But, as I walked away from her in that tiny little room and up the stairs for my meeting, I let all that go. I realize that’s normal to feel that way and I wanted very badly for her to enjoy her playtime, so that all my worries were swept away. I wanted to let her be Chloe.
So, at the end of the meeting I went back to the nursery to pick her up. I was met by a stroller (for 8 kiddos) in the hallway filled with 3 screaming babies and my little girl with big red eyes (and a scratched eye lid, but those things happen). She looked up and me and said “mama” with outstretched arms and a very pathetically sad face. Perhaps she practiced it, because she is, after all, my child. I don’t care either way. She could have easily won an academy award. I literally died inside. I picked her up and she just melted into my arms. The teachers said she did great but was bored (being one of the older kiddos in the group) and seemed to get upset when another little boy starting crying. Then, as I was leaving they mentioned that every time she went to the door, she would call for me. Excellent. I’ll just leave the knife in my chest, thanks.
But as I walked to the car, I told myself that she was fine. She survived and I survived. Now I was normal. Phew. A normal mom who enjoyed the time away. But, I didn’t feel good about it. Why? It wasn’t MY normal. And the interesting thing was that our devotional today was about just that.
Mothering with Grace. Mothering your children in a way that only you can do; in a way that only YOU were made for.
This spoke to me for several reasons. 1. My normal doesn’t fit for everyone. I’m loud, my child is loud and my household is more than some people can probably stand. I let Chloe defrost more food than should be allowed for the sake of play. (She is currently eating frozen green beans out of the bag…hmm…that can’t be good). I encourage her to dance around the room to Robin Thicke in the mornings for exercise. 2. It’s okay when something doesn’t fit. Live the life you want to live. Be the parent you want to be. God has great plans (especially since 99.9% of the time they are not mine). This all sounds nice, but the truth is today was a small little thing but a big lesson for me. I have to just be Chloe’s mom and not the mom I think I need to be for whatever stupid reason.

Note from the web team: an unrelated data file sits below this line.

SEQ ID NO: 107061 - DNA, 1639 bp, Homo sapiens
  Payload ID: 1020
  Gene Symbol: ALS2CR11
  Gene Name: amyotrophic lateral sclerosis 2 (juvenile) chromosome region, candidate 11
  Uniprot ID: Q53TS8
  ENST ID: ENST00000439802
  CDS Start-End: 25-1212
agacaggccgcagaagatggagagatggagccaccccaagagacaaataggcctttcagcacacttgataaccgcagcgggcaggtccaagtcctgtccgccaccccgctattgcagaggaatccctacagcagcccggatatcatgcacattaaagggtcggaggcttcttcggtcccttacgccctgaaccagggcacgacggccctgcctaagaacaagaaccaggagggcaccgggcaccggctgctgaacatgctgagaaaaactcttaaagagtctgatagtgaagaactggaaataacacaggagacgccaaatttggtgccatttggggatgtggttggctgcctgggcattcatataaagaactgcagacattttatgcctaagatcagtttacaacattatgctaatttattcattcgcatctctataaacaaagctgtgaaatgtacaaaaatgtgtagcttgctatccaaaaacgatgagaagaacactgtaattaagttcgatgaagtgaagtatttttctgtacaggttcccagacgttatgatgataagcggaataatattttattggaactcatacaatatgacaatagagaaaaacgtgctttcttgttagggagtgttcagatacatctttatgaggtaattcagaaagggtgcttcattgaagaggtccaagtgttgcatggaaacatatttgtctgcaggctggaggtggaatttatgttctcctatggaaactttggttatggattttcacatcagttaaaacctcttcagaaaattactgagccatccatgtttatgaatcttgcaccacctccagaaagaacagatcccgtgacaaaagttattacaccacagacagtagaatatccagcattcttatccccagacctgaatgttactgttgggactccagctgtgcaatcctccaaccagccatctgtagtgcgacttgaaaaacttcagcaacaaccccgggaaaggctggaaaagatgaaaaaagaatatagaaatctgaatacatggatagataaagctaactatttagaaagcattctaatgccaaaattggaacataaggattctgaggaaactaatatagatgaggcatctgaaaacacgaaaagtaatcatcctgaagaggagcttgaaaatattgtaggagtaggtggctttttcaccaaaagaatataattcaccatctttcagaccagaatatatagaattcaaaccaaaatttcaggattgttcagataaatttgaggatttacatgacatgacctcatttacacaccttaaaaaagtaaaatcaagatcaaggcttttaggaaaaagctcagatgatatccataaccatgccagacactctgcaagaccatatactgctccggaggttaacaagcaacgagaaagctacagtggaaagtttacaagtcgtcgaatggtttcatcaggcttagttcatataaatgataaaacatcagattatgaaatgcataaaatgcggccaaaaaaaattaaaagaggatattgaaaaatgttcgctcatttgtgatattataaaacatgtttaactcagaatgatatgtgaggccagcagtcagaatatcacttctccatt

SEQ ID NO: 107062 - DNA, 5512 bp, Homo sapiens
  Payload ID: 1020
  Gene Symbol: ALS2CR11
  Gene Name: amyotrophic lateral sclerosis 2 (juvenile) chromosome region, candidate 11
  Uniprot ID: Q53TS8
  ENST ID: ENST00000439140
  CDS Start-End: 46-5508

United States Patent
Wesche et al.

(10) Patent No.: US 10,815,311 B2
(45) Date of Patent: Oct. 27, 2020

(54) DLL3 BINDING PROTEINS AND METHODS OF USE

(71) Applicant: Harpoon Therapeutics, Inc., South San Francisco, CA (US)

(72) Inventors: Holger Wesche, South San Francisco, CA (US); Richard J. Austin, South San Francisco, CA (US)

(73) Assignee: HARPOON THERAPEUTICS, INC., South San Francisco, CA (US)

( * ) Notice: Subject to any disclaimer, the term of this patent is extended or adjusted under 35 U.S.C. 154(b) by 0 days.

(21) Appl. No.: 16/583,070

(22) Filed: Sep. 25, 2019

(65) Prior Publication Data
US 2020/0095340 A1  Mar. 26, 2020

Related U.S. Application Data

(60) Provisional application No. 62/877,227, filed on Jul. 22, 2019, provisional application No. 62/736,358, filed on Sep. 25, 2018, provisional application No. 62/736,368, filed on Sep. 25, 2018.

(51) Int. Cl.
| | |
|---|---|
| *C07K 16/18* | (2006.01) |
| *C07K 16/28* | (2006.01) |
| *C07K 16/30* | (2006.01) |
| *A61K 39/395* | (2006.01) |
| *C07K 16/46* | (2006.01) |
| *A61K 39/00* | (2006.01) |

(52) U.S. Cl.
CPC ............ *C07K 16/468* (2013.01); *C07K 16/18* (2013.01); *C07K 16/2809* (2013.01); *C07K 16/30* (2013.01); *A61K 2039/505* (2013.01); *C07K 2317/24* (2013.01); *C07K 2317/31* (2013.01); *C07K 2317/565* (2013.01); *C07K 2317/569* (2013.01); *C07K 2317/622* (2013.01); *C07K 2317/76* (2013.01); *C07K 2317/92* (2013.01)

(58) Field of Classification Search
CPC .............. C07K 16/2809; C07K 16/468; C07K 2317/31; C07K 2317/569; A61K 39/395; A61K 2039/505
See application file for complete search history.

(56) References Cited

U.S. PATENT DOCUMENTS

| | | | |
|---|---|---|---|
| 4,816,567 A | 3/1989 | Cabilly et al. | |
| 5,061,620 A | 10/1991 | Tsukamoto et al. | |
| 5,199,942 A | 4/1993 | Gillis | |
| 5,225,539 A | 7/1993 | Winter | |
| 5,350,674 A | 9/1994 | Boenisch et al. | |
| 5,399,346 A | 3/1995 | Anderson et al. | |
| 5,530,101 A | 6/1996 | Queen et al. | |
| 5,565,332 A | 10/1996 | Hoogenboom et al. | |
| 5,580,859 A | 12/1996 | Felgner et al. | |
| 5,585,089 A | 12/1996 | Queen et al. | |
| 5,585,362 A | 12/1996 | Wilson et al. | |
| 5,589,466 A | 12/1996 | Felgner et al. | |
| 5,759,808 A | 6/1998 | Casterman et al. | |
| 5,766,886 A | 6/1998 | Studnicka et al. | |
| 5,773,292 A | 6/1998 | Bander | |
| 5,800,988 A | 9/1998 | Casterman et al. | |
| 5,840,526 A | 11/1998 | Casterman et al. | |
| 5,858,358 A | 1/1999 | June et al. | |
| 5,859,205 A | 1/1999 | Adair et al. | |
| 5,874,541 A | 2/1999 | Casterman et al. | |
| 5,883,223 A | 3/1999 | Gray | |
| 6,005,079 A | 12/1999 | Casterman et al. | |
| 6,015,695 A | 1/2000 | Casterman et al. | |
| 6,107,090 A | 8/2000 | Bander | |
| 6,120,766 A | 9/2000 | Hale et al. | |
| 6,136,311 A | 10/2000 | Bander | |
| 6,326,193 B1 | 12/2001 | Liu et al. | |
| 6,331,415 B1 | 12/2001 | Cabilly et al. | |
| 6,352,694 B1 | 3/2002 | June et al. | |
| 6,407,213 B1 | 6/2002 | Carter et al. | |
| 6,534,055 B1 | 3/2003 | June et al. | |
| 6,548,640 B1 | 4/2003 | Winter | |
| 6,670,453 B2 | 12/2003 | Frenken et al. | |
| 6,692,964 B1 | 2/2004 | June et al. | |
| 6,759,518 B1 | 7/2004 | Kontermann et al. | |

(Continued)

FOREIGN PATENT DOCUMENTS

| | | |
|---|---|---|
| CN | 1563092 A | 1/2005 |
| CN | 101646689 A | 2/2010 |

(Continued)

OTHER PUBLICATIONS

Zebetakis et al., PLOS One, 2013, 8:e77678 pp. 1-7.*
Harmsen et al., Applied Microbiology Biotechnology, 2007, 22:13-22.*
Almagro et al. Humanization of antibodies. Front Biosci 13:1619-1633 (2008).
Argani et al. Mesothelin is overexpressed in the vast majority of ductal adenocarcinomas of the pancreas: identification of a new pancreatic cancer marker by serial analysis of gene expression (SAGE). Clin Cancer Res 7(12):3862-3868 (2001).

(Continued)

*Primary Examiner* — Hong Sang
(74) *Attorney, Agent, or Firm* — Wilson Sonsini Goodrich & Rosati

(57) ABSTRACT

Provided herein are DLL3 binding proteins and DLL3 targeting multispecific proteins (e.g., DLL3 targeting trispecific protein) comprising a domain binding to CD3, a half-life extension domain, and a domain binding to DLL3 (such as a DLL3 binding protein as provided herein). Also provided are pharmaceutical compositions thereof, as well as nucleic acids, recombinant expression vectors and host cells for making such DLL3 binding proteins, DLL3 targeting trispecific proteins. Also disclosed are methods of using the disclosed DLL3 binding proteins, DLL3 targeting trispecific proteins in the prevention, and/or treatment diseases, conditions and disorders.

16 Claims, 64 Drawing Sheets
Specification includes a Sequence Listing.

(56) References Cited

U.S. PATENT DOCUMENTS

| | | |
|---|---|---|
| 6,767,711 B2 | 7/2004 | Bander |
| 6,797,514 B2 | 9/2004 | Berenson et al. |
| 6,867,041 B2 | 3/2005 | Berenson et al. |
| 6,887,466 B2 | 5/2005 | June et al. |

Again, I’m incredibly fortunate in that I can CHOOSE to keep my kiddo at home because I have my selfless mother right down the street. I know that privilege. But, I also realize that it’s a HUGE privilege to be able to choose between that and an amazing church nursery. What I realized today is that it’s just not for me. I also learned today that God will prepare me in due time for the first day of school. (And Lord knows we have some work to do).
But, the truth is Chloe is 21 months old. She’s teetering on toddlerhood, but the truth is she’s MY tiny, little (9 lb) baby. She won’t remember this experience or ever know the difference between staying at home and going to MOPPETS. But, what I hope she will know and experience one day is the gift of choice and Mothering with Grace. Or, as I like to call it, Mothering with God and Robin Thicke on your side.